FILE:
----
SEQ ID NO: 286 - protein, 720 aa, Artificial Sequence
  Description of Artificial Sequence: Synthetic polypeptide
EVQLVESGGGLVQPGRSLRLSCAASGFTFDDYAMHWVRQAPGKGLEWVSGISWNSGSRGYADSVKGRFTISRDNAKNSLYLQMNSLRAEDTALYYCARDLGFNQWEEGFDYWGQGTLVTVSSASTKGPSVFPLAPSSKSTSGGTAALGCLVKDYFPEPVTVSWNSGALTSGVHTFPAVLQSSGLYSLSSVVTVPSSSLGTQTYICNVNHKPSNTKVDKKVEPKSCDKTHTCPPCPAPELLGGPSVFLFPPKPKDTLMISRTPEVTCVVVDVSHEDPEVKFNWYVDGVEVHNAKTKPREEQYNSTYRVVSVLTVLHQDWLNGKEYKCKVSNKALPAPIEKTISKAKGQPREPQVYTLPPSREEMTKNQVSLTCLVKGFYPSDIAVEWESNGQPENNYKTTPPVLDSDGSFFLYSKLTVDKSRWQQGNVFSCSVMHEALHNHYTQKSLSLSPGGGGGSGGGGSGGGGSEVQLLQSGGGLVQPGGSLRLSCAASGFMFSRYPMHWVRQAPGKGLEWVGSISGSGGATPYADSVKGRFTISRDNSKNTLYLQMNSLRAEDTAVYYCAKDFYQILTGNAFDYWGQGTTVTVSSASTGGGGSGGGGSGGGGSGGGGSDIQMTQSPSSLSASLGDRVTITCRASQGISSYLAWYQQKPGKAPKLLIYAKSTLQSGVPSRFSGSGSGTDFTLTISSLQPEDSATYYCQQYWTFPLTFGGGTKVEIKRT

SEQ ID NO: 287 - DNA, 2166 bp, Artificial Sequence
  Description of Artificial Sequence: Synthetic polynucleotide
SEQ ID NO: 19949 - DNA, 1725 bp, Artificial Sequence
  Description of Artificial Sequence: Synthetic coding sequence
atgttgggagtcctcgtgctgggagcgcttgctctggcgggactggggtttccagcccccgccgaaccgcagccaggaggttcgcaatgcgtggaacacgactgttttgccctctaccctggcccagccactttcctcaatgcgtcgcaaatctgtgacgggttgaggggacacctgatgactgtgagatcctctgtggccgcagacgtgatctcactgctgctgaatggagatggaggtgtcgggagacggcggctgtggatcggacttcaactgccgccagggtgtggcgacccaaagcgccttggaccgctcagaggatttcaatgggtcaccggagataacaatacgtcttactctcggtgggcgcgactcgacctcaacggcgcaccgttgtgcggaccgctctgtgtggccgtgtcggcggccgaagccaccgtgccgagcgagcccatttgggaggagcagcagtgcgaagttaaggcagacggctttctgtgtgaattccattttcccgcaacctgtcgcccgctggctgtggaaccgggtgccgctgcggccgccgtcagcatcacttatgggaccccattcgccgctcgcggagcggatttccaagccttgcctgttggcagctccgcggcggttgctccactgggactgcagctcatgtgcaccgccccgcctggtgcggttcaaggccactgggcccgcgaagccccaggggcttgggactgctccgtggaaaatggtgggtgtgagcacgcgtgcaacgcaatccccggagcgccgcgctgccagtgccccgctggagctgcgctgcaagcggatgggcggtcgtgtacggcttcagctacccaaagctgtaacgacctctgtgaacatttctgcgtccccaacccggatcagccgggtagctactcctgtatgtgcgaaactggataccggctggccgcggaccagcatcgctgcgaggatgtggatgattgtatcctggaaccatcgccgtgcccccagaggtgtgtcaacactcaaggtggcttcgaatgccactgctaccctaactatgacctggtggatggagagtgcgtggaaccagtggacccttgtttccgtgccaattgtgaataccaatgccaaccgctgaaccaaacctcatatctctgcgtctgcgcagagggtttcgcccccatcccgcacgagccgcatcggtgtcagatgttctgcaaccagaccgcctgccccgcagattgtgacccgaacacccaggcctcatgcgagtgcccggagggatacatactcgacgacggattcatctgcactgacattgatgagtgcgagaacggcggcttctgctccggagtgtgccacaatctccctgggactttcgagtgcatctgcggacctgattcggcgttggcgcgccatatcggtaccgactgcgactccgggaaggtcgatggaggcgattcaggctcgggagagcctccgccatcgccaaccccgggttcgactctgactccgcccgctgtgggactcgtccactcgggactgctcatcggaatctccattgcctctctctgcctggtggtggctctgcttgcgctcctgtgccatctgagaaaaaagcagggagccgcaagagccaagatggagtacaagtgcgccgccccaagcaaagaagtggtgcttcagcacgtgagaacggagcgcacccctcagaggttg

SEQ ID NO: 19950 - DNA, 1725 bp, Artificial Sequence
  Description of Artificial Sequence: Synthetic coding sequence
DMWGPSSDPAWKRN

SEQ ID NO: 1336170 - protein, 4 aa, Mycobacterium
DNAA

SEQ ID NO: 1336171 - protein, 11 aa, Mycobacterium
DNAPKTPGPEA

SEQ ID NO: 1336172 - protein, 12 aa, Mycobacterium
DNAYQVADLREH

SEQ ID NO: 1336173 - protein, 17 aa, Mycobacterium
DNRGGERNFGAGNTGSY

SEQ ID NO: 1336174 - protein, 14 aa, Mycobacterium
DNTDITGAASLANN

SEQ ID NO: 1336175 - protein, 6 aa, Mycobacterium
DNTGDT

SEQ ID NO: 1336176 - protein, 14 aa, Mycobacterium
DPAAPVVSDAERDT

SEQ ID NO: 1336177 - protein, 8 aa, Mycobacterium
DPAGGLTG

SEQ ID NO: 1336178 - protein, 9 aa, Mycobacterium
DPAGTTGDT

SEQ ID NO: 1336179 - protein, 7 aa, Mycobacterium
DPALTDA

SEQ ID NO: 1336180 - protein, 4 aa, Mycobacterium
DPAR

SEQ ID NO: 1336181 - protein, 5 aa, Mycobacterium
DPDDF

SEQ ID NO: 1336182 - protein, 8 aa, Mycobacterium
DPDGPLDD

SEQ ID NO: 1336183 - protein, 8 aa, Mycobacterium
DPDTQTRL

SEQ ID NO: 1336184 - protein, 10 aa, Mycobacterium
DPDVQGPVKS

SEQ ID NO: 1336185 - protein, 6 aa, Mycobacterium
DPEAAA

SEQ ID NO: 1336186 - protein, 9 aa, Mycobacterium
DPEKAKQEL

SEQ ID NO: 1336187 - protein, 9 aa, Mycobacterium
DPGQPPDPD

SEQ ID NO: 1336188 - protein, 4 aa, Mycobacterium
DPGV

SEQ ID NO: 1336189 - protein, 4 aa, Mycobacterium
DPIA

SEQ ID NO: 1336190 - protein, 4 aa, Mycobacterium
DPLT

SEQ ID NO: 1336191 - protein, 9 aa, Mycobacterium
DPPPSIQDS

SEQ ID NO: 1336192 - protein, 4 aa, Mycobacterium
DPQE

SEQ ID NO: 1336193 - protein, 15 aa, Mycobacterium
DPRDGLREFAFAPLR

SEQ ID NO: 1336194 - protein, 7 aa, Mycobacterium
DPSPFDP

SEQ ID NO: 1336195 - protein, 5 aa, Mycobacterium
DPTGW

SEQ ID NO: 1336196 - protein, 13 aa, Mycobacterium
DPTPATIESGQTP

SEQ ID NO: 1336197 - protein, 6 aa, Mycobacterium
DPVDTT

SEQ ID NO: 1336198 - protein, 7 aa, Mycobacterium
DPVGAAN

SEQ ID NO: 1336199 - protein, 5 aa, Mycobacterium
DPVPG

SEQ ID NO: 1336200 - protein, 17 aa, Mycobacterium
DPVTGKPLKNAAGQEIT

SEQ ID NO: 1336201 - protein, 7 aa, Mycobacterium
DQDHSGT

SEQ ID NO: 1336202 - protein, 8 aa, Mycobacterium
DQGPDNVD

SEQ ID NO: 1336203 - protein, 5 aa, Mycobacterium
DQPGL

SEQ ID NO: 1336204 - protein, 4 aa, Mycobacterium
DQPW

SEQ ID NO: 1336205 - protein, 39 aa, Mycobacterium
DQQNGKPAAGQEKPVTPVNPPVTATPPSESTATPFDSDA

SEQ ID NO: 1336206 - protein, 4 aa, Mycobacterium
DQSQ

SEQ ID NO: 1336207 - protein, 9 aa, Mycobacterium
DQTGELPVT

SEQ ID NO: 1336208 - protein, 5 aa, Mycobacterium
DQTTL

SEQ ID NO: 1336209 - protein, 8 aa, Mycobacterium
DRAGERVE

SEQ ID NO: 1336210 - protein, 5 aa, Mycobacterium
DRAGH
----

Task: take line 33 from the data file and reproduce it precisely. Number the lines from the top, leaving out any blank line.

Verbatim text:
DPAR